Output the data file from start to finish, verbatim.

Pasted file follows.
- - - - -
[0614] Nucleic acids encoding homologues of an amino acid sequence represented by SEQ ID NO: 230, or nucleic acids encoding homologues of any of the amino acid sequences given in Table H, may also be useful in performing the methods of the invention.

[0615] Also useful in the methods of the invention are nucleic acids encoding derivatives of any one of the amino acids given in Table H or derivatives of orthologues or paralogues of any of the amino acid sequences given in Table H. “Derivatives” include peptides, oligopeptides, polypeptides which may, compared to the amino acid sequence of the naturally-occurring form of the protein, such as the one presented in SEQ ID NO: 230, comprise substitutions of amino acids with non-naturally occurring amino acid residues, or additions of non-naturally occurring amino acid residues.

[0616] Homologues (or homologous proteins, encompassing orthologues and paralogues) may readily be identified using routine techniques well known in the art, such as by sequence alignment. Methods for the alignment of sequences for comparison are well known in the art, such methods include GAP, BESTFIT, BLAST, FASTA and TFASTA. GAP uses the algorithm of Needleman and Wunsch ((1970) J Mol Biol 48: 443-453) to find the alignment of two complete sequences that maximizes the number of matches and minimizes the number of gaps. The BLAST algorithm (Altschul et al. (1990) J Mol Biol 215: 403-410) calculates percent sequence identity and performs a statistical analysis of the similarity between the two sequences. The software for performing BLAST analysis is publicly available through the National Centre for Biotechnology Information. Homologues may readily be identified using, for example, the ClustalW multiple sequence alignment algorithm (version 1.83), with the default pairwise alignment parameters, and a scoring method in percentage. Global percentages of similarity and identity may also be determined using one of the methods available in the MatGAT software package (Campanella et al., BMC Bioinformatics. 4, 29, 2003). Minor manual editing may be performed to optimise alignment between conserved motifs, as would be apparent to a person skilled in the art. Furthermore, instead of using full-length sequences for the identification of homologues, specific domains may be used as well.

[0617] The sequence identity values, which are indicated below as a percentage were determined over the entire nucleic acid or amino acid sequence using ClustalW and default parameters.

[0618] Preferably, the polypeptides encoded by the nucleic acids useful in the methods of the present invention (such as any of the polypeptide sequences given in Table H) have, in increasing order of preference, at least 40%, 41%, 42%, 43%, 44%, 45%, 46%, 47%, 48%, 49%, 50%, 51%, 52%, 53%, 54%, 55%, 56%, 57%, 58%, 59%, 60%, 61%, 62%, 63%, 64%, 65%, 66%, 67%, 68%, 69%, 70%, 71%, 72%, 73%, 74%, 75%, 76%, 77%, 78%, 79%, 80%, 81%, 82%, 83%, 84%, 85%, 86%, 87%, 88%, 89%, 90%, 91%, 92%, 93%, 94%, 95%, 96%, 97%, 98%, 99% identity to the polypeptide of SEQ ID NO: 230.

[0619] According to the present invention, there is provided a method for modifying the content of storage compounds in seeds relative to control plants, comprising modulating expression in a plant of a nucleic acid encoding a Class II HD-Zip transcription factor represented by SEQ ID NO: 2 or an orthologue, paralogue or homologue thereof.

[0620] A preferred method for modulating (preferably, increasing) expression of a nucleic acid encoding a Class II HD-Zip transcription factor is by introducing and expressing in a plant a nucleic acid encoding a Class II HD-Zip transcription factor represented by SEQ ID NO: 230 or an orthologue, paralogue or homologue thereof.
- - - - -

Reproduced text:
[0614] Nucleic acids encoding homologues of an amino acid sequence represented by SEQ ID NO: 230, or nucleic acids encoding homologues of any of the amino acid sequences given in Table H, may also be useful in performing the methods of the invention.

[0615] Also useful in the methods of the invention are nucleic acids encoding derivatives of any one of the amino acids given in Table H or derivatives of orthologues or paralogues of any of the amino acid sequences given in Table H. “Derivatives” include peptides, oligopeptides, polypeptides which may, compared to the amino acid sequence of the naturally-occurring form of the protein, such as the one presented in SEQ ID NO: 230, comprise substitutions of amino acids with non-naturally occurring amino acid residues, or additions of non-naturally occurring amino acid residues.

[0616] Homologues (or homologous proteins, encompassing orthologues and paralogues) may readily be identified using routine techniques well known in the art, such as by sequence alignment. Methods for the alignment of sequences for comparison are well known in the art, such methods include GAP, BESTFIT, BLAST, FASTA and TFASTA. GAP uses the algorithm of Needleman and Wunsch ((1970) J Mol Biol 48: 443-453) to find the alignment of two complete sequences that maximizes the number of matches and minimizes the number of gaps. The BLAST algorithm (Altschul et al. (1990) J Mol Biol 215: 403-410) calculates percent sequence identity and performs a statistical analysis of the similarity between the two sequences. The software for performing BLAST analysis is publicly available through the National Centre for Biotechnology Information. Homologues may readily be identified using, for example, the ClustalW multiple sequence alignment algorithm (version 1.83), with the default pairwise alignment parameters, and a scoring method in percentage. Global percentages of similarity and identity may also be determined using one of the methods available in the MatGAT software package (Campanella et al., BMC Bioinformatics. 4, 29, 2003). Minor manual editing may be performed to optimise alignment between conserved motifs, as would be apparent to a person skilled in the art. Furthermore, instead of using full-length sequences for the identification of homologues, specific domains may be used as well.

[0617] The sequence identity values, which are indicated below as a percentage were determined over the entire nucleic acid or amino acid sequence using ClustalW and default parameters.

[0618] Preferably, the polypeptides encoded by the nucleic acids useful in the methods of the present invention (such as any of the polypeptide sequences given in Table H) have, in increasing order of preference, at least 40%, 41%, 42%, 43%, 44%, 45%, 46%, 47%, 48%, 49%, 50%, 51%, 52%, 53%, 54%, 55%, 56%, 57%, 58%, 59%, 60%, 61%, 62%, 63%, 64%, 65%, 66%, 67%, 68%, 69%, 70%, 71%, 72%, 73%, 74%, 75%, 76%, 77%, 78%, 79%, 80%, 81%, 82%, 83%, 84%, 85%, 86%, 87%, 88%, 89%, 90%, 91%, 92%, 93%, 94%, 95%, 96%, 97%, 98%, 99% identity to the polypeptide of SEQ ID NO: 230.

[0619] According to the present invention, there is provided a method for modifying the content of storage compounds in seeds relative to control plants, comprising modulating expression in a plant of a nucleic acid encoding a Class II HD-Zip transcription factor represented by SEQ ID NO: 2 or an orthologue, paralogue or homologue thereof.

[0620] A preferred method for modulating (preferably, increasing) expression of a nucleic acid encoding a Class II HD-Zip transcription factor is by introducing and expressing in a plant a nucleic acid encoding a Class II HD-Zip transcription factor represented by SEQ ID NO: 230 or an orthologue, paralogue or homologue thereof.